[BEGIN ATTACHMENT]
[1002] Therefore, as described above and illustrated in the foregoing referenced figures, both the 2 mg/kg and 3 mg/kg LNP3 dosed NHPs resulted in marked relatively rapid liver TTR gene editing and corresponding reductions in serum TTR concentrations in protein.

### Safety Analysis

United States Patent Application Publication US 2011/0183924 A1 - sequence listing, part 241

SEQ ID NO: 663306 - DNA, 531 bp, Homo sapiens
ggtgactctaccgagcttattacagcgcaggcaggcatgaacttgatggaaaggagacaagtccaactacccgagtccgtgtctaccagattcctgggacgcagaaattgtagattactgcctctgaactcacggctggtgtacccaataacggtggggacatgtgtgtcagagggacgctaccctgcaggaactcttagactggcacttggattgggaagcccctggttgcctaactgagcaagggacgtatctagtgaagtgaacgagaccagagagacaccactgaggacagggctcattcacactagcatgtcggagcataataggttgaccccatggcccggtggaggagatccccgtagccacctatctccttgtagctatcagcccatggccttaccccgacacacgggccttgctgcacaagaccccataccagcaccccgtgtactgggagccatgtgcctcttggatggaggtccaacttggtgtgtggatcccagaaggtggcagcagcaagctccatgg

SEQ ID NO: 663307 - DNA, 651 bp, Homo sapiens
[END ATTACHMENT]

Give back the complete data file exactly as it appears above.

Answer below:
[1002] Therefore, as described above and illustrated in the foregoing referenced figures, both the 2 mg/kg and 3 mg/kg LNP3 dosed NHPs resulted in marked relatively rapid liver TTR gene editing and corresponding reductions in serum TTR concentrations in protein.

### Safety Analysis

United States Patent Application Publication US 2011/0183924 A1 - sequence listing, part 241

SEQ ID NO: 663306 - DNA, 531 bp, Homo sapiens
ggtgactctaccgagcttattacagcgcaggcaggcatgaacttgatggaaaggagacaagtccaactacccgagtccgtgtctaccagattcctgggacgcagaaattgtagattactgcctctgaactcacggctggtgtacccaataacggtggggacatgtgtgtcagagggacgctaccctgcaggaactcttagactggcacttggattgggaagcccctggttgcctaactgagcaagggacgtatctagtgaagtgaacgagaccagagagacaccactgaggacagggctcattcacactagcatgtcggagcataataggttgaccccatggcccggtggaggagatccccgtagccacctatctccttgtagctatcagcccatggccttaccccgacacacgggccttgctgcacaagaccccataccagcaccccgtgtactgggagccatgtgcctcttggatggaggtccaacttggtgtgtggatcccagaaggtggcagcagcaagctccatgg

SEQ ID NO: 663307 - DNA, 651 bp, Homo sapiens